Big Tech censorship has oozed into the financial sector, with platforms like PayPal and even Visa and Mastercard now openly targeting conservatives for de-platforming.
The goal, it would seem, is to prevent those with politically incorrect viewpoints from being able to participate in the economy the same way everyone else does. It is an imposition of control that places burdensome restrictions on those trying to conduct business online.
Conservative pundit Laura Loomer, as you may recall, was banned from a number of financial platforms because of the types of messages she puts out to her followers.
If the right does not get some kind of hold on this by giving pushback, it is only going to increase and accelerate. Eventually, conservatives will be barred from not only using social media but also from engaging in any type of commerce online.
“In Congress and across fifty state legislatures, the GOP’s shortsighted support for laissez-fair economics is allowing left-wing corporations to plot their destruction,” reports Revolver.
As Bay Buchanan put it, writing for CNS News, corporations continue to bend the knee to “outraged activists” who despise all speech with which they disagree.
“We see this when social media giants regularly censor and ban individuals who run afoul of liberal orthodoxy,” Buchanan explains.
“Less noticed is the threat of financial de-platforming. This growing menace means those who dissent from the official left-wing line won’t even be allowed to bank or use a credit card.”
The latest news about Big Tech censorship can be accessed at Censorship.news.
For the past four years, the agenda has really been ramping up, even against formidable organizations like the NRA that was denied access to banks and insurance companies in New York because of “reputational risk.”
The David Horowitz Freedom Center, at the request of the Southern Poverty Law Center (SPLC), can no longer do business with Visa or Mastercard, either.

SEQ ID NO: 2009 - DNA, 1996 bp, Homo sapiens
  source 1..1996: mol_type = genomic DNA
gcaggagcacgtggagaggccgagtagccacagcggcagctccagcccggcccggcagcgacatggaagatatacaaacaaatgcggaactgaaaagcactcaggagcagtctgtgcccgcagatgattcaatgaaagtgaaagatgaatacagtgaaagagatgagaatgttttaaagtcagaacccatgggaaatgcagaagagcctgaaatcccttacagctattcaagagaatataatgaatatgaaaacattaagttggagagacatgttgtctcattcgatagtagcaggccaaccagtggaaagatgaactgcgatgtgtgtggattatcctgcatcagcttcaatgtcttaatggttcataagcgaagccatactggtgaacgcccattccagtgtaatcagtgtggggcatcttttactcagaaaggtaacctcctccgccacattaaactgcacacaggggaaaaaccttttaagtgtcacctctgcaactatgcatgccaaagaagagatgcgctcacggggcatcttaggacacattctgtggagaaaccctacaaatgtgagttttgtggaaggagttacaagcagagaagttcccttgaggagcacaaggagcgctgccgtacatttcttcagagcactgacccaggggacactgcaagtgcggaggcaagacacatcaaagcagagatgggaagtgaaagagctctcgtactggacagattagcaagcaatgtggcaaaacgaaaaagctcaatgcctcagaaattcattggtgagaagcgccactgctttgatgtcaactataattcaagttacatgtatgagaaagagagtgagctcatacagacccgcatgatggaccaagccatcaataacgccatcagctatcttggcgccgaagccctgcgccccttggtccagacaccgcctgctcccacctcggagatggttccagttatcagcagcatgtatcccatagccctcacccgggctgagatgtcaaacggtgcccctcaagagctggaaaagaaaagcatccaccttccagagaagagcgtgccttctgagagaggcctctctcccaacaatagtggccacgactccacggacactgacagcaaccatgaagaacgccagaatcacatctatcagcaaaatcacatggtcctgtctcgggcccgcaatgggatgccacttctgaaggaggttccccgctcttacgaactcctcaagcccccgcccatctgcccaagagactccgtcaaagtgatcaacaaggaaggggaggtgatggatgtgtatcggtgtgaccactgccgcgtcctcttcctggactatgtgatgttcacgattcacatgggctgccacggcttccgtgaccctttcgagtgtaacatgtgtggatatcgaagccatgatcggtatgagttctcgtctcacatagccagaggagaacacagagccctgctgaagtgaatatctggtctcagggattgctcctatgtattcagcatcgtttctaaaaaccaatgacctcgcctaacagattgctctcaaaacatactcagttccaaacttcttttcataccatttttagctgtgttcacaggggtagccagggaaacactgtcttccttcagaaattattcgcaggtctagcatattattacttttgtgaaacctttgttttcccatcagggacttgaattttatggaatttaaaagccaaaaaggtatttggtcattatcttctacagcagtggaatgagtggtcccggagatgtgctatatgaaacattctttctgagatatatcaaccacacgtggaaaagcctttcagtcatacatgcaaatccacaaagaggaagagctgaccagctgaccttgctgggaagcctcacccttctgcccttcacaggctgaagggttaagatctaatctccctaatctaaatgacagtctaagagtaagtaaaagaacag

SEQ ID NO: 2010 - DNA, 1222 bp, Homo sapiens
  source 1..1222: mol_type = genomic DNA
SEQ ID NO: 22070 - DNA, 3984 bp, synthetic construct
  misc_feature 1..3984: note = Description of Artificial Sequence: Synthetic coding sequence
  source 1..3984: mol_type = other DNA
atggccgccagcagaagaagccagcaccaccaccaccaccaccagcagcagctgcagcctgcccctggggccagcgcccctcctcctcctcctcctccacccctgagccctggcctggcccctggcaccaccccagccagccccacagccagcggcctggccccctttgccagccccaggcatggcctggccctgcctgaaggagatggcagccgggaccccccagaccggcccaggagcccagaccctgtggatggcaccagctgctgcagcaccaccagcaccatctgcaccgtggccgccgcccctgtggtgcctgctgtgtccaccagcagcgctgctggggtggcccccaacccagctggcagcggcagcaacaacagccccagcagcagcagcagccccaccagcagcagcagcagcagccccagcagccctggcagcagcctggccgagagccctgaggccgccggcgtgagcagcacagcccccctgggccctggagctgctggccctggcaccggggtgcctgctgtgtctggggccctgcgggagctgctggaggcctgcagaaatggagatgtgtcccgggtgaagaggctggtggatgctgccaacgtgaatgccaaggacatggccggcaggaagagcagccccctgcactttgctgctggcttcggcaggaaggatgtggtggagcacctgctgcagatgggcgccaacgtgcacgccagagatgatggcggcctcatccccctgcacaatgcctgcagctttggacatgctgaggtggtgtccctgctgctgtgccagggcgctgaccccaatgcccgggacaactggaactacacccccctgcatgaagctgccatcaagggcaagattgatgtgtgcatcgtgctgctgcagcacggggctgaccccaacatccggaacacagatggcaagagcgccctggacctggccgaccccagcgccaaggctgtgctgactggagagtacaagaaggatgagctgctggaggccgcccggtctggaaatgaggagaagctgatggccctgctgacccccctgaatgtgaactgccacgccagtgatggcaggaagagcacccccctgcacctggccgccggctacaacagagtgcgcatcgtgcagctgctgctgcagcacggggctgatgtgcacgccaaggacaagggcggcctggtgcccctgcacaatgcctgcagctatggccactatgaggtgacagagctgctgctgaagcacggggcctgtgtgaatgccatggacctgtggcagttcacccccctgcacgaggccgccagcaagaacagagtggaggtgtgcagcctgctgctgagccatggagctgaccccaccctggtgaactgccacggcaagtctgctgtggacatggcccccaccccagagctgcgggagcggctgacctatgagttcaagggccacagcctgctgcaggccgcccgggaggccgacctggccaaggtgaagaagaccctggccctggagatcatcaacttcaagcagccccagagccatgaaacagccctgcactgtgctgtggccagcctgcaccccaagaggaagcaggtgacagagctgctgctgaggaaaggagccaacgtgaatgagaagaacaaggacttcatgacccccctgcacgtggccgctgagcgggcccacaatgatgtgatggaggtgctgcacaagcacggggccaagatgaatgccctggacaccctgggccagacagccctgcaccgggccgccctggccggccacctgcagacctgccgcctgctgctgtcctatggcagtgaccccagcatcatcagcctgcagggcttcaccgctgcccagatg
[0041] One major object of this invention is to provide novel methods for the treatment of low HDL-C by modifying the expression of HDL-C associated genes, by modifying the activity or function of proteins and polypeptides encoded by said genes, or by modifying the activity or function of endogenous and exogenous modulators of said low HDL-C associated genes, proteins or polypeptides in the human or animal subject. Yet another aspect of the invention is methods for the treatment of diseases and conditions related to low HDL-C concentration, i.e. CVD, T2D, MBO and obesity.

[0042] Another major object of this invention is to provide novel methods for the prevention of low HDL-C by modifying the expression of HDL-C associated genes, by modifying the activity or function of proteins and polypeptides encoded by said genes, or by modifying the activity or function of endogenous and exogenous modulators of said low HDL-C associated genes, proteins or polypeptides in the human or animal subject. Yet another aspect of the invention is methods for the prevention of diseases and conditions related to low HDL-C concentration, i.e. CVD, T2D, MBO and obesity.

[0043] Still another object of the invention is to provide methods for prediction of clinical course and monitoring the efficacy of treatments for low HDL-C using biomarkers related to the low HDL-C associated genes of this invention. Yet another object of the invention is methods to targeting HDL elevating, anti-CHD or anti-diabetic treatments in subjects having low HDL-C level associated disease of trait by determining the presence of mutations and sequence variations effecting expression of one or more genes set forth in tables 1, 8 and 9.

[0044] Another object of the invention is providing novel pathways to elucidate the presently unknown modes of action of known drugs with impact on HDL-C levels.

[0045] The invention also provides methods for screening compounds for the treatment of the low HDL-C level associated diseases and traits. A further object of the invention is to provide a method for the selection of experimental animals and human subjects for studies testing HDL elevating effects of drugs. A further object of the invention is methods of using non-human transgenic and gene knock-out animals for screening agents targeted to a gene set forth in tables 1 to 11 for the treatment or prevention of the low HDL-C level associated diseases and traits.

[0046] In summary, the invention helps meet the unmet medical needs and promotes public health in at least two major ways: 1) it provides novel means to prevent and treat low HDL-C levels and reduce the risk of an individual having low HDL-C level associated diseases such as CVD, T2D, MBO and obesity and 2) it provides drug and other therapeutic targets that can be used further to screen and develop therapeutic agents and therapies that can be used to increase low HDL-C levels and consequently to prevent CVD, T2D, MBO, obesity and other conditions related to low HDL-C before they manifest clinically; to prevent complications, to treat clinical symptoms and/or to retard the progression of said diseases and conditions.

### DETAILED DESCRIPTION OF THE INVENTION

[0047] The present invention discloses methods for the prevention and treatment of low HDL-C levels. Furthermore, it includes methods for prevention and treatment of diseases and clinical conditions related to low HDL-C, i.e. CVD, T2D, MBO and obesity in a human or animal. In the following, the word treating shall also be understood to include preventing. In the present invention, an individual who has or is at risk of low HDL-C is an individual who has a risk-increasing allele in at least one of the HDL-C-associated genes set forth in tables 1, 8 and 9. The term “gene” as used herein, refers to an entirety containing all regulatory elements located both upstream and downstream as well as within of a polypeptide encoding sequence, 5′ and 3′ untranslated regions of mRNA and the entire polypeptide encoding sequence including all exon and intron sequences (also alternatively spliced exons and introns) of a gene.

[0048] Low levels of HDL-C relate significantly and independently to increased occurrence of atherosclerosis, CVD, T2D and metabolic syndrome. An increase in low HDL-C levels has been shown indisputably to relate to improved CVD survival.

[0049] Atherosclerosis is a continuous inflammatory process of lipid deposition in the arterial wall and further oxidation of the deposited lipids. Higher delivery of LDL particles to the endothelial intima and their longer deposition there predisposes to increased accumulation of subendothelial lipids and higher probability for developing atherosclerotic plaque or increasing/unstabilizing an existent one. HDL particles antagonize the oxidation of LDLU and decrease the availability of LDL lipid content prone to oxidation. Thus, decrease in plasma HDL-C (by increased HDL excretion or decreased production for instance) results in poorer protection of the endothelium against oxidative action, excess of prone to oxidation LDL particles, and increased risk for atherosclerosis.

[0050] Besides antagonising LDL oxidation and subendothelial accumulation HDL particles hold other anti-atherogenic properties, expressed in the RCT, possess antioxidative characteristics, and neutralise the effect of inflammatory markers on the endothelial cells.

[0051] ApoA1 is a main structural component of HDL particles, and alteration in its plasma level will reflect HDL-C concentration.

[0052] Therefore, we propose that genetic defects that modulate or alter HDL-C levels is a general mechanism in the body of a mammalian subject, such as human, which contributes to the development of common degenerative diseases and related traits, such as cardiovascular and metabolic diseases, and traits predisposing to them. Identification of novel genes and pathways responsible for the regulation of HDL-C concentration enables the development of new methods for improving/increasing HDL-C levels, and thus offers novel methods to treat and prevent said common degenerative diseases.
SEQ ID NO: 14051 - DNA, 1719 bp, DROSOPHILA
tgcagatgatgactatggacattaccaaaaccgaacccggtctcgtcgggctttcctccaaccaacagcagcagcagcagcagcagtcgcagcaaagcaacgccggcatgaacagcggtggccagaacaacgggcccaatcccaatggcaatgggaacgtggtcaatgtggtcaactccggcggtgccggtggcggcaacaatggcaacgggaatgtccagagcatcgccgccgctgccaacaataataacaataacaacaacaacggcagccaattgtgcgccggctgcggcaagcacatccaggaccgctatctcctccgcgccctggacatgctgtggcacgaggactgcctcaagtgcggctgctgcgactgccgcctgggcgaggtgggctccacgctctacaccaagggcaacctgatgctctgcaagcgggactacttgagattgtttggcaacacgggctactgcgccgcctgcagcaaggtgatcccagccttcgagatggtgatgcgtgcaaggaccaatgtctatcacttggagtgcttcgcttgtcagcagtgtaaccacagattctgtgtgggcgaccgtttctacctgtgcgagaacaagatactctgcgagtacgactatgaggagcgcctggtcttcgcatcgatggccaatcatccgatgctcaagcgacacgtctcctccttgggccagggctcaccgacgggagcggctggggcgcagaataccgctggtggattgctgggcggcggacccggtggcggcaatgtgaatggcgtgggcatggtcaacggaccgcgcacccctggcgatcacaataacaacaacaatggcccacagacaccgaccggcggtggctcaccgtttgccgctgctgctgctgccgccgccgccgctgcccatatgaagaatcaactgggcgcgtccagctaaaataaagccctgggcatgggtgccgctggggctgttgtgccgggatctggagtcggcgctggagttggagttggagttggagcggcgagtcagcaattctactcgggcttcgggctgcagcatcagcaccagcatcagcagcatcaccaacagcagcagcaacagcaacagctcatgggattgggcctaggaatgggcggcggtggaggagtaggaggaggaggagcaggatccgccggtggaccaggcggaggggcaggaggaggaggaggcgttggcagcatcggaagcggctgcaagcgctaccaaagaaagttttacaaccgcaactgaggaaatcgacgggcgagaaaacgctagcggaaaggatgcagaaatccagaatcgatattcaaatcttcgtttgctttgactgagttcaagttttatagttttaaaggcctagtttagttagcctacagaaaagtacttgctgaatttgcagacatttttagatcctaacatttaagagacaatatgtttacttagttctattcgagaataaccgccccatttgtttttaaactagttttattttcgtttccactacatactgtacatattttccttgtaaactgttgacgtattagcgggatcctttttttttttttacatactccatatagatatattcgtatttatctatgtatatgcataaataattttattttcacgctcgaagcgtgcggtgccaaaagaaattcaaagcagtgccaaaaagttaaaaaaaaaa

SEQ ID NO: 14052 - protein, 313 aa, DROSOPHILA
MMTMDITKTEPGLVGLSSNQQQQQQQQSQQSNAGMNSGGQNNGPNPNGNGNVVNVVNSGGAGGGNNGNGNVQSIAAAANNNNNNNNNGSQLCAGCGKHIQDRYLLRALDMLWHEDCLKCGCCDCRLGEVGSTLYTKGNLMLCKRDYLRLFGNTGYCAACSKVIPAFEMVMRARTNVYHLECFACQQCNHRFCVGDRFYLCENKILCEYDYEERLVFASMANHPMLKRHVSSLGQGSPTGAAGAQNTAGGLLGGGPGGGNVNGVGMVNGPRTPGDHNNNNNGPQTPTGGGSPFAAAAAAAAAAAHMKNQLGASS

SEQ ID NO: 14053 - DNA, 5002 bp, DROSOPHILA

Back in 2018, Citigroup announced that it would no longer help any company involved with legally selling firearms to anyone under 21 borrow money or use banking services. Shotgun manufacturers have also had their bank accounts closed, as have contractors working with federal immigration enforcement.
Proud Boys leader Enrique Tarrio had all of his Chase Bank accounts closed in 2019, and has also been banned from PayPal and various credit card payment processors.
On and on the list goes, which is why some within the Trump administration have fought to reverse this trend and hold big banks accountable for discrimination.
The Office of Comptroller of the Currency (OCC) recently drafted a rule that would bar major banks from denying services to customers for any reason other than a “documented failure to meet quantitative, impartial risk-based standards established in advance.”
“Banks don’t set national policy,” wrote acting OCC comptroller Brian Brooks and OCC chief economist Charles Calomiris in an op-ed for The Wall Street Journal.
“They don’t choose what goods and services are available to consumers. Nor do they determine which industries are legal. It is the job of democratically elected government to make those decisions.”
Treasury Secretary Steve Mnuchin, on the other hand, has demonstrated an unwillingness to stand up to the big banks. He recently proposed regulations of his own that would block Bitcoin transactions and hinder economic freedom.
“Castrating cryptocurrencies would therefore deliver a major victory to big banks and the left-wing ideologues who increasingly fill their senior executive posts,” Revolver further reports. “The OCC’s proposal to bar major banks from denying services to customers for political reasons would apply to all bank transactions and include cryptocurrency.”
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